before booting up the application processors, receive at the BMC via an out-of-band communication channel from a remote management system, a configuration request to configure an internet protocol (IP) address of the computing device, the configuration request specifying an IP address for the computing device;
store the specified IP address in storage associated with the system controller;
boot up the computing device;
receive, at the system controller, an IP address request from an operating system agent for the specified IP address;
configure the IP address of the computing device based on the specified IP address;
receive, using the BMC of the computing device, a new IP address via the out-of-band communication channel from a remote management system; and
configure the IP address of the computing device based on the new IP address.
13. A method comprising:
initializing an operating system of a computing device;
during initialization of the operating system, sending, by an operating system agent, an IP address request to a system controller for an internet protocol (IP) address of the computing device;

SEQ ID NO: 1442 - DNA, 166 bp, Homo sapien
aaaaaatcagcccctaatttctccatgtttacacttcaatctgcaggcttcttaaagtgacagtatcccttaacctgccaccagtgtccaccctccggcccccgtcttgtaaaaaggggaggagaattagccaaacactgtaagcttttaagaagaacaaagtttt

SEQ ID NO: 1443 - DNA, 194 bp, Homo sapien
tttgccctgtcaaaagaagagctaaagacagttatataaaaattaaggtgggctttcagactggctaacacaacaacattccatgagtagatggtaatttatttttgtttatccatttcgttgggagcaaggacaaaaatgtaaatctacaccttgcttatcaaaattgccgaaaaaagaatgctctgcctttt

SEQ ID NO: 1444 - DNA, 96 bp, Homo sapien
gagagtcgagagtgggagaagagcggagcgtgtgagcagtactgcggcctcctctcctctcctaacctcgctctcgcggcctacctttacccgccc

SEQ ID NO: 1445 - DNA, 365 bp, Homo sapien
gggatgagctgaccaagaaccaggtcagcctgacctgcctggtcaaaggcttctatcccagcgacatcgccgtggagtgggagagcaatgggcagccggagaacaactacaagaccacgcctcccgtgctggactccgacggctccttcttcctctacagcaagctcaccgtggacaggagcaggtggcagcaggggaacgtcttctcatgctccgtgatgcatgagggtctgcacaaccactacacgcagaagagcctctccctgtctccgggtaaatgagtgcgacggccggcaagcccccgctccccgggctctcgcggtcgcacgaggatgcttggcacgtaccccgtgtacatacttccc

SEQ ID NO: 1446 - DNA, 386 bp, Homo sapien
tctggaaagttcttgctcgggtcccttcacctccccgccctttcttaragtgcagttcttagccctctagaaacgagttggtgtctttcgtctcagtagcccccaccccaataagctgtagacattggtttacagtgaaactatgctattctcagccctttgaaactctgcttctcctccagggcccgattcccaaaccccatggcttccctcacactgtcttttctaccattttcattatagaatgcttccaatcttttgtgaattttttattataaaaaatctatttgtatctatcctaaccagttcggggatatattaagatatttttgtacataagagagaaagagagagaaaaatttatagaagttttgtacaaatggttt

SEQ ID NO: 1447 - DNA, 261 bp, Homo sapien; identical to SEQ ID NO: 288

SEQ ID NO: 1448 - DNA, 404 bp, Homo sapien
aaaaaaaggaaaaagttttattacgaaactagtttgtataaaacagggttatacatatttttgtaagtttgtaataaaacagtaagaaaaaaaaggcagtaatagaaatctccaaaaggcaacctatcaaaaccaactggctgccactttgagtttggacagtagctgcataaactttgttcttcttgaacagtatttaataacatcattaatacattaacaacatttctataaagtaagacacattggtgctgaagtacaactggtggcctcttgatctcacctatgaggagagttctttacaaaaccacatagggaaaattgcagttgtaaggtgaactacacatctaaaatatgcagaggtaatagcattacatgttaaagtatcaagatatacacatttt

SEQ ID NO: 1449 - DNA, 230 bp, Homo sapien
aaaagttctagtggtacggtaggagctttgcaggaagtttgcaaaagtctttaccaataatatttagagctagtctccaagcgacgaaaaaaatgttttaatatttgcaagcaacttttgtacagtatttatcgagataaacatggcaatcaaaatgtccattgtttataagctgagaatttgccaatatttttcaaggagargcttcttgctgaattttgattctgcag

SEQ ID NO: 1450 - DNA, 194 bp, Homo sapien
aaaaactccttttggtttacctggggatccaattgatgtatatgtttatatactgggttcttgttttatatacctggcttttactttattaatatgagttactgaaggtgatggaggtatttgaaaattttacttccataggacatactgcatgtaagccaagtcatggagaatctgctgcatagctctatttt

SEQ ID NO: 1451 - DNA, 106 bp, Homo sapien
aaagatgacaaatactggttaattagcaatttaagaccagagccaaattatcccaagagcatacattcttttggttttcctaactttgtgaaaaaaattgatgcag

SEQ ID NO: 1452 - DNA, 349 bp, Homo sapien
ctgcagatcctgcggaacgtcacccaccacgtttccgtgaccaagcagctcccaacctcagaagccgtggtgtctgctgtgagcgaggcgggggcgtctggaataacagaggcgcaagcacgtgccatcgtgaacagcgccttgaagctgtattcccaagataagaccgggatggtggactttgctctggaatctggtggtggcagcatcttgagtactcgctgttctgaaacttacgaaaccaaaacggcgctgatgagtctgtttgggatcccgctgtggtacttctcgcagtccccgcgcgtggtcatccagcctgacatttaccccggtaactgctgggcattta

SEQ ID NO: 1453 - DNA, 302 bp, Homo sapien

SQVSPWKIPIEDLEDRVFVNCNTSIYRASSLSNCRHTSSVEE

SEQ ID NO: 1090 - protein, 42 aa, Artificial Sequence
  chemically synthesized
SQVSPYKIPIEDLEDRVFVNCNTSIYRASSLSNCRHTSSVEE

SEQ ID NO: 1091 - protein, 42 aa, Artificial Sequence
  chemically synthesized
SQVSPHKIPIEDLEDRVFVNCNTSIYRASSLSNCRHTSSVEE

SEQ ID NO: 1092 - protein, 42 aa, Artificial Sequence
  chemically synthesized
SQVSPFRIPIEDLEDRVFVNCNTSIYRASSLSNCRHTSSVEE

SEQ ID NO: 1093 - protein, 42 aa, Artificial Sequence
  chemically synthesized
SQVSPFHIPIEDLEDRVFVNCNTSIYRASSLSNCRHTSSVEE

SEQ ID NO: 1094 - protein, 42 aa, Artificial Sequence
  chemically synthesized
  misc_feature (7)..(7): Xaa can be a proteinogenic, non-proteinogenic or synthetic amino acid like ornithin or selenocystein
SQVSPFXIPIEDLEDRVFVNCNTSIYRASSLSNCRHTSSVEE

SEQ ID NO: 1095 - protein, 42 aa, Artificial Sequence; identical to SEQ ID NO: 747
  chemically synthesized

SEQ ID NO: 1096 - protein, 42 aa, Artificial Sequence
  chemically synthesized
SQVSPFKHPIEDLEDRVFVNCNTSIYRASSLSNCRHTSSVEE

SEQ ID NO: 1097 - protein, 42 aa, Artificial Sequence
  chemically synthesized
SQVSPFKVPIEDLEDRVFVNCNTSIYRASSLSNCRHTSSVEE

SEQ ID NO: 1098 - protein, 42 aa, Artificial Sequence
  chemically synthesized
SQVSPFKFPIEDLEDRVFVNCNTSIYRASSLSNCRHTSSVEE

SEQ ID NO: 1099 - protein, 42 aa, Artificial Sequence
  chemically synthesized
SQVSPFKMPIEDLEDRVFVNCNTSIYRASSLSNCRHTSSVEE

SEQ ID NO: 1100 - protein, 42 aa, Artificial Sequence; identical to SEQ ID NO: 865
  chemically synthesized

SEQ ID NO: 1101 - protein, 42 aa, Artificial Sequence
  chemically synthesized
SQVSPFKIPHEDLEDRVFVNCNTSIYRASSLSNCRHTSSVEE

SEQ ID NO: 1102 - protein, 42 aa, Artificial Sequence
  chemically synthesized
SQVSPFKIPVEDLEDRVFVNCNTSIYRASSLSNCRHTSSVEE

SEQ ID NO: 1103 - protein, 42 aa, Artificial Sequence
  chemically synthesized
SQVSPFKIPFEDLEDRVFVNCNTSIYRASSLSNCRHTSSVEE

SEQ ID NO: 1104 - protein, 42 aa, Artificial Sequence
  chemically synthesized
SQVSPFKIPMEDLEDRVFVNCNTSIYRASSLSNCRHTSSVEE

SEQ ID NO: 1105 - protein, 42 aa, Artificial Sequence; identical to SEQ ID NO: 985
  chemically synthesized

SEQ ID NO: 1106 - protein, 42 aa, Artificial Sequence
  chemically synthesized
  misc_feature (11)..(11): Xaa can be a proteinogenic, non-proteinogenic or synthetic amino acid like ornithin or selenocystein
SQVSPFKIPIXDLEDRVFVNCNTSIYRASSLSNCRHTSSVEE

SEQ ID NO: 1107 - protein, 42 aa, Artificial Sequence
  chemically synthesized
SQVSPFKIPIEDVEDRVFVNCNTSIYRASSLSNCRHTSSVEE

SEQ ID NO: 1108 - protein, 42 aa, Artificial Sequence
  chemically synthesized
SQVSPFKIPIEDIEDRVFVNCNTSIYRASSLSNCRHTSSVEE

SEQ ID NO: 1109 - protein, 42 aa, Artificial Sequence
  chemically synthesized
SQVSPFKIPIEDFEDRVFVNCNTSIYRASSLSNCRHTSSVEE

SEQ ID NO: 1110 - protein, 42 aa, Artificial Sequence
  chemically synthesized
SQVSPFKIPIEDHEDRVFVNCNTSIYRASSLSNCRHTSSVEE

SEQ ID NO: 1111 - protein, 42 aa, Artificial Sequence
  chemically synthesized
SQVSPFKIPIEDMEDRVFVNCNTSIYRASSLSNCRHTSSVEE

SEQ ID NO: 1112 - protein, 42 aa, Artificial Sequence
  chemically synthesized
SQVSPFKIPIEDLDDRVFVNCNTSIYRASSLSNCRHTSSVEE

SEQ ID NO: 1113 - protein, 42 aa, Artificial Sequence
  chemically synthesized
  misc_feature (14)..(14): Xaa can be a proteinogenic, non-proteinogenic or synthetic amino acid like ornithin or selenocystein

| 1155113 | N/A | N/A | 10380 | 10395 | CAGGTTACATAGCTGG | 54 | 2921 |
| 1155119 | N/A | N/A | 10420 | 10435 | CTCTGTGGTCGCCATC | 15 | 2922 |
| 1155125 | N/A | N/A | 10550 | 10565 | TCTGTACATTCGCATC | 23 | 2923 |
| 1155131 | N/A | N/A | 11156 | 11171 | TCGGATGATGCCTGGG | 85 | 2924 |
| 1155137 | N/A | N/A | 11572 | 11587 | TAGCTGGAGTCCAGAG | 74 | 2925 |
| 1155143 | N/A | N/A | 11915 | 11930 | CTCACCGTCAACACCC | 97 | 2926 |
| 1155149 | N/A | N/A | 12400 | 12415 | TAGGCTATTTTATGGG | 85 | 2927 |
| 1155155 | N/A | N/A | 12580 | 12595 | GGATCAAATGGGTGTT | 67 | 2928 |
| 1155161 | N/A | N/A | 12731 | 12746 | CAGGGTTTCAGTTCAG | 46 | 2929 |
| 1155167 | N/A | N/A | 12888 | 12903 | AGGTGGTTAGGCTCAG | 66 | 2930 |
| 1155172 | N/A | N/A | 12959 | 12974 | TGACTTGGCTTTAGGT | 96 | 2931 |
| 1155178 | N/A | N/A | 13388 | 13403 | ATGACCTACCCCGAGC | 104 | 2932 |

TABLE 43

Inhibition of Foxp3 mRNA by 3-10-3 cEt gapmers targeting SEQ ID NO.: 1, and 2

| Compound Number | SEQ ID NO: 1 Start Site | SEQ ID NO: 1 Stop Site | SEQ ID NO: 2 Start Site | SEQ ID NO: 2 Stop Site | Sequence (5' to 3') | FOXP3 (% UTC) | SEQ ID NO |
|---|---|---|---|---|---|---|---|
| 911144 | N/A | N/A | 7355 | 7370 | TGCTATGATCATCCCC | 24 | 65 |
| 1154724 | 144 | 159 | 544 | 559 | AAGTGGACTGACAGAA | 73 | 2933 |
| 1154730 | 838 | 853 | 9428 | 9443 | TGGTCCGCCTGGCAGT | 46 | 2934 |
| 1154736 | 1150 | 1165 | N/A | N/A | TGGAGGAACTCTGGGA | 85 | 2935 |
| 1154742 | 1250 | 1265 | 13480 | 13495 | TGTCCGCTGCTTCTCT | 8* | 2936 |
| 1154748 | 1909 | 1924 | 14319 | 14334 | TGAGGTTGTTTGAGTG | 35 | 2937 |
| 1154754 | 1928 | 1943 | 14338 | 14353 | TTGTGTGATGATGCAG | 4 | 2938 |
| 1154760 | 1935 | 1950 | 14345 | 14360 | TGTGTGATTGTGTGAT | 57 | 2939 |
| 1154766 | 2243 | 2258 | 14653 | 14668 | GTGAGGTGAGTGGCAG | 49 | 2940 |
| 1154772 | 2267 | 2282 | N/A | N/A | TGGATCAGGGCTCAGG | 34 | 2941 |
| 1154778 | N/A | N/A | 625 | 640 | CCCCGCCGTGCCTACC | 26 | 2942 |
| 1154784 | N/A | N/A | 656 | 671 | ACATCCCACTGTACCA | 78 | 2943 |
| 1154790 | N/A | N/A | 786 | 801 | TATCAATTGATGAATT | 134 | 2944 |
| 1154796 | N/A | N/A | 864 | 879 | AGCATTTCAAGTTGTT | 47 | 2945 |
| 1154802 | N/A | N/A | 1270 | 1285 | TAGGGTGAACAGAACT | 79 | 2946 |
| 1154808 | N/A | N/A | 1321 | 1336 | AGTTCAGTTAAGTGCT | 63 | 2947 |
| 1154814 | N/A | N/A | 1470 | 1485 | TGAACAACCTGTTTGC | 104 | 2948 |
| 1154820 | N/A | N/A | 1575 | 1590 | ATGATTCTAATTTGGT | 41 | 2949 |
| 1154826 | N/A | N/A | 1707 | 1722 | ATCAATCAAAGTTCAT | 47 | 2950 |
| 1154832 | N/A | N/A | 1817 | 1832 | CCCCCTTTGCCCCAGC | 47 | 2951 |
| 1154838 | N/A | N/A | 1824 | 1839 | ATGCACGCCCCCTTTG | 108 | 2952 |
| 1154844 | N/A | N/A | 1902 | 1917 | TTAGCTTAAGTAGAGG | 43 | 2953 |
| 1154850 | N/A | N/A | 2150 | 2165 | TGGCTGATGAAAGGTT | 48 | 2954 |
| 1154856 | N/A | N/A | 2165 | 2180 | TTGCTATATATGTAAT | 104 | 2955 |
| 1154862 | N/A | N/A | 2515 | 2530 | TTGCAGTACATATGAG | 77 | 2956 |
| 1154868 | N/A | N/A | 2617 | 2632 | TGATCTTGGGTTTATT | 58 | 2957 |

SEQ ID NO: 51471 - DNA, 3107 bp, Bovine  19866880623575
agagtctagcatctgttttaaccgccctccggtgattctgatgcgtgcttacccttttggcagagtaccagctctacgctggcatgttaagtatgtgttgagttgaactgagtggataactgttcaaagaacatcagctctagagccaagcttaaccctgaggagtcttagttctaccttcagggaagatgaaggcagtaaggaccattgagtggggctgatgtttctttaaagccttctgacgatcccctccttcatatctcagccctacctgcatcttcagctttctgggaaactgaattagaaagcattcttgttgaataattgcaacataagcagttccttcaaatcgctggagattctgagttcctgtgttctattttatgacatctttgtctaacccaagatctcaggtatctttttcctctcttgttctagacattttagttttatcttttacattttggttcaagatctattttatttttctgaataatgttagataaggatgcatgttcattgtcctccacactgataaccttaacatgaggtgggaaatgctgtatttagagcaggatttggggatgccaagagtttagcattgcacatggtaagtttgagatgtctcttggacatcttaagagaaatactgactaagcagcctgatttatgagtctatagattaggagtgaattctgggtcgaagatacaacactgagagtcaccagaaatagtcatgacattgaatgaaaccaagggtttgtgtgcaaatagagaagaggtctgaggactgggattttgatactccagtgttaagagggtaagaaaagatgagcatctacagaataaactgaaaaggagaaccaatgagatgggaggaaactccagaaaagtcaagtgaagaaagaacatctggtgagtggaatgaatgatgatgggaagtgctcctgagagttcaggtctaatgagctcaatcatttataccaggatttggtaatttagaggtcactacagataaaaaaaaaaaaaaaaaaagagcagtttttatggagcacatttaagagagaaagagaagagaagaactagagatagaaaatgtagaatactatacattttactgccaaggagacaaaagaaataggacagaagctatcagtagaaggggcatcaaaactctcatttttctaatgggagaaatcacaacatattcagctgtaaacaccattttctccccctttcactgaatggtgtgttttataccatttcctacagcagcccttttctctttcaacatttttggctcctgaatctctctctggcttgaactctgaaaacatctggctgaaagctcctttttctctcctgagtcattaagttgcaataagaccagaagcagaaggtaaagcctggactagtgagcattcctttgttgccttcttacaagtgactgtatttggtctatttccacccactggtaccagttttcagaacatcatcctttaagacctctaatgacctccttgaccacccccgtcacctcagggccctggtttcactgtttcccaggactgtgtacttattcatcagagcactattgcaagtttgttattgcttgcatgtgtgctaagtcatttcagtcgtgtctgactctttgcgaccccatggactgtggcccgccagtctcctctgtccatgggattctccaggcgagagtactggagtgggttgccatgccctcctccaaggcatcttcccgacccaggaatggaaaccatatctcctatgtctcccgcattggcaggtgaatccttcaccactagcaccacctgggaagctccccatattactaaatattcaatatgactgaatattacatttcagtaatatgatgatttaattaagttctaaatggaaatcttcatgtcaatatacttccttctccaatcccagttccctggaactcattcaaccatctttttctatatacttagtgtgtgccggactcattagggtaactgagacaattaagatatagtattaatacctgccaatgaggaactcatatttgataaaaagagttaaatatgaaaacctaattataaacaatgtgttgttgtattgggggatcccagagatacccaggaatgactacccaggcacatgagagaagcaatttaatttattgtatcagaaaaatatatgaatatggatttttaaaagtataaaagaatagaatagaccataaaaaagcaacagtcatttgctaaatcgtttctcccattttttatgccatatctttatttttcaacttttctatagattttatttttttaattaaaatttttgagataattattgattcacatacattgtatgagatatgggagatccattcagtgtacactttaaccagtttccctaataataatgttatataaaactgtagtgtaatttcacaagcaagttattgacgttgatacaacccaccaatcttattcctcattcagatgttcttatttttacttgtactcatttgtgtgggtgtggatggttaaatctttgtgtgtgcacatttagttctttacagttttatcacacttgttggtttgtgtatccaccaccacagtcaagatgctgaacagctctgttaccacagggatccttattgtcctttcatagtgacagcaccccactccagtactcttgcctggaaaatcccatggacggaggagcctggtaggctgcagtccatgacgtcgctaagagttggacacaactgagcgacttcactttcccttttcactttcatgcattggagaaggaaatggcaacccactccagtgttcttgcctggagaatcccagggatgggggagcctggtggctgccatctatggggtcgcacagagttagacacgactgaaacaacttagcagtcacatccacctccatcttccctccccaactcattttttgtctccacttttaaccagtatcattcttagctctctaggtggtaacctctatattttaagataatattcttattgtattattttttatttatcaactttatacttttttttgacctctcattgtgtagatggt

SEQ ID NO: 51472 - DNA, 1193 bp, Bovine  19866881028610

receiving, at the operating system agent, a specified IP address from the system controller;
configuring the IP address of the computing device based on the specified IP address;
receiving, using the system controller of the computing device, a new IP address via an out-of-band communication channel from a remote management system; and
configuring the IP address of the computing device based on the new IP address.
14. The method of claim 13 wherein the operating system agent comprises a software application.
15. The method of claim 13 wherein the operating system agent communicates with the system controller through a system interface (SI).
16. The method of claim 13 wherein the IP address request is sent periodically according to a time interval.
17. The method of claim 13 wherein the computing device's IP address is configured by the operating system agent using system network commands.
18. The method of claim 13 wherein the specified IP address is stored on a network interface controller (NIC).
19. The method of claim 13 wherein the system controller comprises a baseboard management controller (BMC).